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Physiological responses to the wearing of protective equipment and respirators: effects of hot, humid inspired air on work of breathing, final report.
The physiological effects of breathing cool/dry, cool/humid, hot/dry, and hot/humid air were observed during rest, and during light and moderate intensity exercise on a cycle ergometer. Nine male volunteers, 18 to 35 years old, took part in four 50 minute submaximal exercise tests under the four different inspired air conditions. The results demonstrated several positive effects of hot air breathing on lung mechanics. Dynamic lung compliance was increased with both hot/dry and hot/humid air breathing during rest and exercise. These increases in compliance implied a decrease in the inspiratory work of breathing, although no statistically significant decreases were demonstrated. Frequency of breathing was decreased and tidal volume increased with hot air, allowing a more efficient breathing pattern. These results lent support to the current inspired air temperature criteria for SCBA certification, as set forth in 30 CFR, Part 11 and proposed 42 CFR, Part 84. The authors suggest that future research in this area include a study in which both inspired air and ambient air temperatures are varied. The possibility of interactions between hot inspired air and hot ambient air should be explored as closed circuit respirators used in both fire fighting and hazardous waste operations may be used under hot ambient conditions.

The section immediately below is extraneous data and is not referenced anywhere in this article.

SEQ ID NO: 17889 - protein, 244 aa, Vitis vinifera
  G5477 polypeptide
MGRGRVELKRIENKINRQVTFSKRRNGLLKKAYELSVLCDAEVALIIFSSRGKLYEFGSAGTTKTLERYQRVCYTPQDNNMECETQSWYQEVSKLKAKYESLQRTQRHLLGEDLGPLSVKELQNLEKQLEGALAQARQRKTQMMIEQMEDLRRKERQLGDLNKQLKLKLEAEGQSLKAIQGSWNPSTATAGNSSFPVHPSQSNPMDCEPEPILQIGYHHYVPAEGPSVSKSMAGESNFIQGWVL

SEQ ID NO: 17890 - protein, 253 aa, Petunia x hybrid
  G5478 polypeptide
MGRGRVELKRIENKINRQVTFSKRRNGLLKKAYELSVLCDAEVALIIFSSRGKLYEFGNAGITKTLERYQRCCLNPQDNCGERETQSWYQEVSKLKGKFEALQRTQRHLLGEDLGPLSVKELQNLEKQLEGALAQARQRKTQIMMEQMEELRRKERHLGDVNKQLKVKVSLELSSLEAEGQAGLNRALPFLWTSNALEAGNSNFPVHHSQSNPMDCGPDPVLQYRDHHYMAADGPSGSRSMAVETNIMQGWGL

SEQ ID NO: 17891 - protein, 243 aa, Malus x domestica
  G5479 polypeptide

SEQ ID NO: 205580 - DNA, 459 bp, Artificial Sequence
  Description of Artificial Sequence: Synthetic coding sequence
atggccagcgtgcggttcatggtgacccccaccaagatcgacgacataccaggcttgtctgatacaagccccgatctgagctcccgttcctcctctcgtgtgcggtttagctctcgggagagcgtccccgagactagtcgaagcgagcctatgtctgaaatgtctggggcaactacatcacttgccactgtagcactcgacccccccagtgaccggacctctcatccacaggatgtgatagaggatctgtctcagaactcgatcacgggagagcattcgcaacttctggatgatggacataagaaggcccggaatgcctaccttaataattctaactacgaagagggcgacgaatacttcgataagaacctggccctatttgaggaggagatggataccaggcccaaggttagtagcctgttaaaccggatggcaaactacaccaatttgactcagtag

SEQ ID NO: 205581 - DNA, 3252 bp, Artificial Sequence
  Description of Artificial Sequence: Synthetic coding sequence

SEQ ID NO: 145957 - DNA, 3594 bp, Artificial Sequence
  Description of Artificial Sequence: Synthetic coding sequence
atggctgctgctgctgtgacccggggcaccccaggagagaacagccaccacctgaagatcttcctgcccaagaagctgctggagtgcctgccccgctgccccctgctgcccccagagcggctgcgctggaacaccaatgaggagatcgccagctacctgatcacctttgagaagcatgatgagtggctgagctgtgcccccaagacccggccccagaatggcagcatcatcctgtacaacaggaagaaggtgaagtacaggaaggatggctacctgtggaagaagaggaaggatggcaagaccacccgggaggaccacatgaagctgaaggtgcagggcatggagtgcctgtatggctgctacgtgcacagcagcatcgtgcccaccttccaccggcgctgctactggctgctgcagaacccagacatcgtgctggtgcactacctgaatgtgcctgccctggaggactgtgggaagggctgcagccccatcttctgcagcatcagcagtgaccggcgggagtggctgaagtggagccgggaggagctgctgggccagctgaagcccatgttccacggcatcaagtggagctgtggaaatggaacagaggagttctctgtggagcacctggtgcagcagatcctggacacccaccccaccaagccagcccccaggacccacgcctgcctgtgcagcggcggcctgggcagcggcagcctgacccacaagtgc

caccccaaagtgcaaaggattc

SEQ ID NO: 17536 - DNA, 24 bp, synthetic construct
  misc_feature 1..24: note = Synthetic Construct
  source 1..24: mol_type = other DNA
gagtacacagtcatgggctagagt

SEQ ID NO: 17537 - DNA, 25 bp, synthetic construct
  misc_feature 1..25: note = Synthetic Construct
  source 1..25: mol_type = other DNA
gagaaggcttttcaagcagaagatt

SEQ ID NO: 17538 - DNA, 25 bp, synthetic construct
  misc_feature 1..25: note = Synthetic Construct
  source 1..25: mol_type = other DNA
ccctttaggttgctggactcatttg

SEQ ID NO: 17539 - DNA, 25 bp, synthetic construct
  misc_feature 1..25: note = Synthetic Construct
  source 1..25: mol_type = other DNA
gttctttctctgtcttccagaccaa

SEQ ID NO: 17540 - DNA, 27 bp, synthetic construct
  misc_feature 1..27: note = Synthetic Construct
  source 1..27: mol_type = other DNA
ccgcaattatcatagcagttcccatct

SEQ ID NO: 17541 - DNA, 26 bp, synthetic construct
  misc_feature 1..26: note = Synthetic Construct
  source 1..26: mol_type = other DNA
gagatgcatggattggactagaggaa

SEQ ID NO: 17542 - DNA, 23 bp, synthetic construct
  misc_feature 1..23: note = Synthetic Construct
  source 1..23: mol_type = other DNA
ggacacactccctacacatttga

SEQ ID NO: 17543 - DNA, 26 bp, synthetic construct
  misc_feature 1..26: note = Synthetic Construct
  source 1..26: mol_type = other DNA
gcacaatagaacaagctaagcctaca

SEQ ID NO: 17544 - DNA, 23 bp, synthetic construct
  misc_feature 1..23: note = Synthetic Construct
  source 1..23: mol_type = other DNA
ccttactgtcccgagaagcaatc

NIOSH-Author; Physical-exercise; Temperature-effects; Humidity; Respiratory-protection; Lung-function; Pulmonary-function-tests; Work-environment; Personal-protective-equipment; Respirators; Physiological-response;
NTIS Accession No.
Injury Prevention Research Branch, NIOSH, Cincinnati, Ohio, 32 pages, 27 references
Page last reviewed: September 4, 2020
Content source: National Institute for Occupational Safety and Health Education and Information Division